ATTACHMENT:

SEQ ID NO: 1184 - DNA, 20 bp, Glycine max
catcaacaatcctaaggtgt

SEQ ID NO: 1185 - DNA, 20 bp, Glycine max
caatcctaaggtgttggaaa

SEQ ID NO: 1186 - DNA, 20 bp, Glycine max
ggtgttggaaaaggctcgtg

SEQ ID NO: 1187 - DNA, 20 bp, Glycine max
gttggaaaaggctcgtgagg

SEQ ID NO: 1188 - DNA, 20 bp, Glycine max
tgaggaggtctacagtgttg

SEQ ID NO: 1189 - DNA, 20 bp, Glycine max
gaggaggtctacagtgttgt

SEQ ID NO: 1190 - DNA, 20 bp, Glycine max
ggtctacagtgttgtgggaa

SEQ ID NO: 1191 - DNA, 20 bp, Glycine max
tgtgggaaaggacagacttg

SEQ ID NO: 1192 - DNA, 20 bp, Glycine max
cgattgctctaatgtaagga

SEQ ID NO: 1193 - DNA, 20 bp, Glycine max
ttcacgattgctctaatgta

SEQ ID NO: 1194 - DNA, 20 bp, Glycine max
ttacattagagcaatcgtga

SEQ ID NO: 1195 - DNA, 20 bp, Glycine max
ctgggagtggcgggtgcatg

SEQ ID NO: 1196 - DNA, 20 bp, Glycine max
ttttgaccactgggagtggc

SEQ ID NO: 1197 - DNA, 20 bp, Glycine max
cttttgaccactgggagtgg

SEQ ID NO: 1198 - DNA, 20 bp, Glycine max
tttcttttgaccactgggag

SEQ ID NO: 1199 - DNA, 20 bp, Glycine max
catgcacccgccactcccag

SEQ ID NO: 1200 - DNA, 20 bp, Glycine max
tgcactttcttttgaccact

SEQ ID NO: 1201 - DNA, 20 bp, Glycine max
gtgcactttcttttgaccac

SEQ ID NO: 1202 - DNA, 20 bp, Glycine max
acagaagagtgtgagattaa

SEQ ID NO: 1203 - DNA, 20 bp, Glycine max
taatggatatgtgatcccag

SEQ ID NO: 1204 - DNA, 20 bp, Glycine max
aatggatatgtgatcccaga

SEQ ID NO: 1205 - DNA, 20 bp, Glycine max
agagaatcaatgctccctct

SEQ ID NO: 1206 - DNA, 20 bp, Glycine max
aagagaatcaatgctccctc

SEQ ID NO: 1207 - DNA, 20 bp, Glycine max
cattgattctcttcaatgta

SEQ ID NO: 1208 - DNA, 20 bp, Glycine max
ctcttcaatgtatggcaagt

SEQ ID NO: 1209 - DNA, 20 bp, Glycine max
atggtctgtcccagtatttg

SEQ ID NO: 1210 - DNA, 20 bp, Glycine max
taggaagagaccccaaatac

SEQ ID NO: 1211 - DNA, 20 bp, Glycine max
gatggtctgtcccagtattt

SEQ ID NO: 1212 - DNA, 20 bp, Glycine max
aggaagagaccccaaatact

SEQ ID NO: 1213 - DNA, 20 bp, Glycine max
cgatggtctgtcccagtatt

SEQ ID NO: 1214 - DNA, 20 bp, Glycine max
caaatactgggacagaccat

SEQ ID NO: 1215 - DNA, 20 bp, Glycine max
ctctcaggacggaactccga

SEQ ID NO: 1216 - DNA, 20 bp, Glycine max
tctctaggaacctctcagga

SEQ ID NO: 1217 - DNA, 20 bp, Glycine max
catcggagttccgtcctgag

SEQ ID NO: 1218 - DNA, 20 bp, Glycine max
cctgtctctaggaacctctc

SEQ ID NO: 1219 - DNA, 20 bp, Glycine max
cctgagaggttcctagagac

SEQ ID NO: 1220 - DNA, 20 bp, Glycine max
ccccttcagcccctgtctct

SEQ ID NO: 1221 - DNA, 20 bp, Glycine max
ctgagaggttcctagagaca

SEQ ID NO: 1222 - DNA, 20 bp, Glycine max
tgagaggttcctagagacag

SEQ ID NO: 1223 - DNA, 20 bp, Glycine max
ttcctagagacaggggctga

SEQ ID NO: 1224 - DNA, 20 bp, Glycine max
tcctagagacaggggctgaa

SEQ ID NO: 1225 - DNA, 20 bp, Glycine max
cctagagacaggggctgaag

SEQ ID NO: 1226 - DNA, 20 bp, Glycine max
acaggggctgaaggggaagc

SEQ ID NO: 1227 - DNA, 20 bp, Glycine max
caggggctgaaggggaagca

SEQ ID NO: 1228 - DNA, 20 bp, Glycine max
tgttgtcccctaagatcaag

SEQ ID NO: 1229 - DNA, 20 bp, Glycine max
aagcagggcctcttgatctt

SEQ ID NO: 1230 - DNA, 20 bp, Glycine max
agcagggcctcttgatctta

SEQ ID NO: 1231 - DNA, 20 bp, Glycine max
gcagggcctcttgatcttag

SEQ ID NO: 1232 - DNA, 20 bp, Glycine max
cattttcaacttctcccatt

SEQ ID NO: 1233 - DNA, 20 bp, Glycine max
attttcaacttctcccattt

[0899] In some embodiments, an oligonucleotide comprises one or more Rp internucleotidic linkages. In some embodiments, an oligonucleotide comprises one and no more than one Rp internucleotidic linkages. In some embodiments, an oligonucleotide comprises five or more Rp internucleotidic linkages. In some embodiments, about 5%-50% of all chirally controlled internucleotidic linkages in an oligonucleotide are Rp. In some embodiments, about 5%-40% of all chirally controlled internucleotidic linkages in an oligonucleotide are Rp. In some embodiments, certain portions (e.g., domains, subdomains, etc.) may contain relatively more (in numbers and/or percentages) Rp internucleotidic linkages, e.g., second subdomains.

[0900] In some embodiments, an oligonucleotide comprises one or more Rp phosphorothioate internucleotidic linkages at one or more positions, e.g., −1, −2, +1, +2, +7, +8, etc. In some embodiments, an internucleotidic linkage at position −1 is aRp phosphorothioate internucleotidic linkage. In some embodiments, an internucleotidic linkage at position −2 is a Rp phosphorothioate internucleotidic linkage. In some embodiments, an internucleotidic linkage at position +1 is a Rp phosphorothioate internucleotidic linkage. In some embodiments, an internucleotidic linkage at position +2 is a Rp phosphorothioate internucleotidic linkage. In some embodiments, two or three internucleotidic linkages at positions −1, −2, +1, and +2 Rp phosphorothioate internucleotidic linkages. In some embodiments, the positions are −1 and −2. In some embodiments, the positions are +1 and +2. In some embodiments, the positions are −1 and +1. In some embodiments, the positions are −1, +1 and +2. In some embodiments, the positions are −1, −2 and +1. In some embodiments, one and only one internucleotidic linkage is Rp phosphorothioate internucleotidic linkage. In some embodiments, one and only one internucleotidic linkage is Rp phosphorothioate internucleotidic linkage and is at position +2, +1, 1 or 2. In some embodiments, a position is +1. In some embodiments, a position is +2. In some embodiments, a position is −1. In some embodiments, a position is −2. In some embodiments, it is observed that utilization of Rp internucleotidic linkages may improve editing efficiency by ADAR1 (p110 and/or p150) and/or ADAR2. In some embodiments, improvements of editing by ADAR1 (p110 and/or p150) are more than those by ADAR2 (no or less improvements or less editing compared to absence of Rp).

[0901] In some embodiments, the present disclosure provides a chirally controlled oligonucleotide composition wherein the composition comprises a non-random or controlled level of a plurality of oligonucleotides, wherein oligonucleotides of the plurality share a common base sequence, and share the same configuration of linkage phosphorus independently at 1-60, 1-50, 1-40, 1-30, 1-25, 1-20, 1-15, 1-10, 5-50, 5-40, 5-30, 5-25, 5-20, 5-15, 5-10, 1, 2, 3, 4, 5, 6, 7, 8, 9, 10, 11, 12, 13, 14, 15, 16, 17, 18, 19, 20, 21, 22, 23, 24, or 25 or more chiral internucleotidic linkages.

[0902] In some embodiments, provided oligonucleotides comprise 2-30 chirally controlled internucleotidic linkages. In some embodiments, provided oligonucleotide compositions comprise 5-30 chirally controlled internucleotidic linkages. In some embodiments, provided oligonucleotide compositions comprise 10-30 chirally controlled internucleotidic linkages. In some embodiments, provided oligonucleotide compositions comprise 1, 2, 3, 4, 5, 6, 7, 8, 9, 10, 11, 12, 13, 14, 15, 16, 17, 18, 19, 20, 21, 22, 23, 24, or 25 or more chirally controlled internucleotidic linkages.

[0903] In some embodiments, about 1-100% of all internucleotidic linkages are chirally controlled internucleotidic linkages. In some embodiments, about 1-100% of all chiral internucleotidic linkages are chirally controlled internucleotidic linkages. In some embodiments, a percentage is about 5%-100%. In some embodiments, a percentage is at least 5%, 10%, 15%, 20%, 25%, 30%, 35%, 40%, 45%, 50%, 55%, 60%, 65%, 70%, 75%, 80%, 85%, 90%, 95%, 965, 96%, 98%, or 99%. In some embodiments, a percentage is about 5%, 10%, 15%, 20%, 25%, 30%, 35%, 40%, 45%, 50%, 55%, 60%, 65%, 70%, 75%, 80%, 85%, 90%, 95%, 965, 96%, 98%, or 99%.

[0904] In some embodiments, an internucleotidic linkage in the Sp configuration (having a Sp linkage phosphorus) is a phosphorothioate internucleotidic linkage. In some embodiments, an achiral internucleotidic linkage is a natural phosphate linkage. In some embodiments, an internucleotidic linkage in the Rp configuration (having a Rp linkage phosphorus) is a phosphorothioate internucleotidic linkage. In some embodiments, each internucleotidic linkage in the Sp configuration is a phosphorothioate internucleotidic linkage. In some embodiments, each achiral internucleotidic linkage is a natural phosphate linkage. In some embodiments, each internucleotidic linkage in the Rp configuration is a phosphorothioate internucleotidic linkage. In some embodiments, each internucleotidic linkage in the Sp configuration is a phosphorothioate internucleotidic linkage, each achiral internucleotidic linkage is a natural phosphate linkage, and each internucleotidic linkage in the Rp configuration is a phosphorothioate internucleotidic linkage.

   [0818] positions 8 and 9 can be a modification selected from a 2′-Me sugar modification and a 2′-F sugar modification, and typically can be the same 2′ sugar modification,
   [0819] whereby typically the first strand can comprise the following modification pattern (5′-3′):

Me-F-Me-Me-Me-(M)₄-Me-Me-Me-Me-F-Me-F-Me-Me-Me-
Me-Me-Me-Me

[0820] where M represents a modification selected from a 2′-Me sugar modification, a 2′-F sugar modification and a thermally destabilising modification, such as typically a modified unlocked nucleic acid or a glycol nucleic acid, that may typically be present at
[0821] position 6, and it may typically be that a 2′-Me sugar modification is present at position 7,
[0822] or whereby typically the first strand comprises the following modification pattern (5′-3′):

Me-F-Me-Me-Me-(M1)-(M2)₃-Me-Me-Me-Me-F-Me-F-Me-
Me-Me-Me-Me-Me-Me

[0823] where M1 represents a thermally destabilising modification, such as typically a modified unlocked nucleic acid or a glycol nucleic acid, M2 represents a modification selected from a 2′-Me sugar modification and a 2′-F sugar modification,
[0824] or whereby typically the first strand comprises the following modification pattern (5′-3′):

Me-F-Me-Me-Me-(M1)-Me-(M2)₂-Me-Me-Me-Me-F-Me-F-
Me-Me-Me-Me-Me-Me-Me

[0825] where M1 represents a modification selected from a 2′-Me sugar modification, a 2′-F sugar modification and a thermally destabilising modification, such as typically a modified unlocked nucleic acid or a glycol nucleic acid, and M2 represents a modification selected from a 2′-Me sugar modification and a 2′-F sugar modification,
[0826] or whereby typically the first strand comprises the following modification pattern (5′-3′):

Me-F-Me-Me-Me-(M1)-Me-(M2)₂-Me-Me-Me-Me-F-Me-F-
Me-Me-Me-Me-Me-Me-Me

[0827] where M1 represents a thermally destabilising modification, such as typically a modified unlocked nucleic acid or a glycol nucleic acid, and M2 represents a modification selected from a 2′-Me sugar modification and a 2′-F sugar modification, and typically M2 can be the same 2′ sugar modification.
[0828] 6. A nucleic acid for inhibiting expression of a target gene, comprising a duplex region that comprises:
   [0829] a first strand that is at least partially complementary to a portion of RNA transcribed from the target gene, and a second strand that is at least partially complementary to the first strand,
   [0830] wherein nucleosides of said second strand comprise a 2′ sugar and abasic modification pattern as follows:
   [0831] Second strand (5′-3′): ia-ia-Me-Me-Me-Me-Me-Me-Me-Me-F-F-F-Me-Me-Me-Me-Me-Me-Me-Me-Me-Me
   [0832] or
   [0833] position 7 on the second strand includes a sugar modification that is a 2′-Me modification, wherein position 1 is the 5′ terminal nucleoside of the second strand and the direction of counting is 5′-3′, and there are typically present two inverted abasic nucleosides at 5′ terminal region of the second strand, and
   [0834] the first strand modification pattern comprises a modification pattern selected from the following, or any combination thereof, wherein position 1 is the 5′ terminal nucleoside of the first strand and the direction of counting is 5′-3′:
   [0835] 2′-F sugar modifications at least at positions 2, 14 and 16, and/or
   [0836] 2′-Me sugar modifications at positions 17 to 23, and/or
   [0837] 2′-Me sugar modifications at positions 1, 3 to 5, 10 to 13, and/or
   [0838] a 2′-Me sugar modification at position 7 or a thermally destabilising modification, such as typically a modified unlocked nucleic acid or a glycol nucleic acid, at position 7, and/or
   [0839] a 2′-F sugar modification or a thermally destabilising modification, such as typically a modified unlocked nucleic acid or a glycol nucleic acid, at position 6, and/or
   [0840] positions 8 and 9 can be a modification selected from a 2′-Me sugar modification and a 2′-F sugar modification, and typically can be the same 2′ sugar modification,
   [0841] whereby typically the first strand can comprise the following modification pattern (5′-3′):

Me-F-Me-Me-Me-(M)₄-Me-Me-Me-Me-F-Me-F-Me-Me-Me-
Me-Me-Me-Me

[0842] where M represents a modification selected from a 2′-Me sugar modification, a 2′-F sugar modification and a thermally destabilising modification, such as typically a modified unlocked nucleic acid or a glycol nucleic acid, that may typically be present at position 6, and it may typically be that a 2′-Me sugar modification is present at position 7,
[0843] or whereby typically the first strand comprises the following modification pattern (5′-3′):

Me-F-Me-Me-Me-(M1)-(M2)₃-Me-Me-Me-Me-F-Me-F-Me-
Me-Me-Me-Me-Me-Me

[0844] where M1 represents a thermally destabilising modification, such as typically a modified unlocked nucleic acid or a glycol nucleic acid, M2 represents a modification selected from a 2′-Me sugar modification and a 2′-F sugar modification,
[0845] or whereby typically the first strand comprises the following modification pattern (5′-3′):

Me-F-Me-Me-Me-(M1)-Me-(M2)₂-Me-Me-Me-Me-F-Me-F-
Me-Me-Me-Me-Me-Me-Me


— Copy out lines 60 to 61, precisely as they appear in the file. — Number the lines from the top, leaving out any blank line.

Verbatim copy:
cgatggtctgtcccagtatt

SEQ ID NO: 1214 - DNA, 20 bp, Glycine max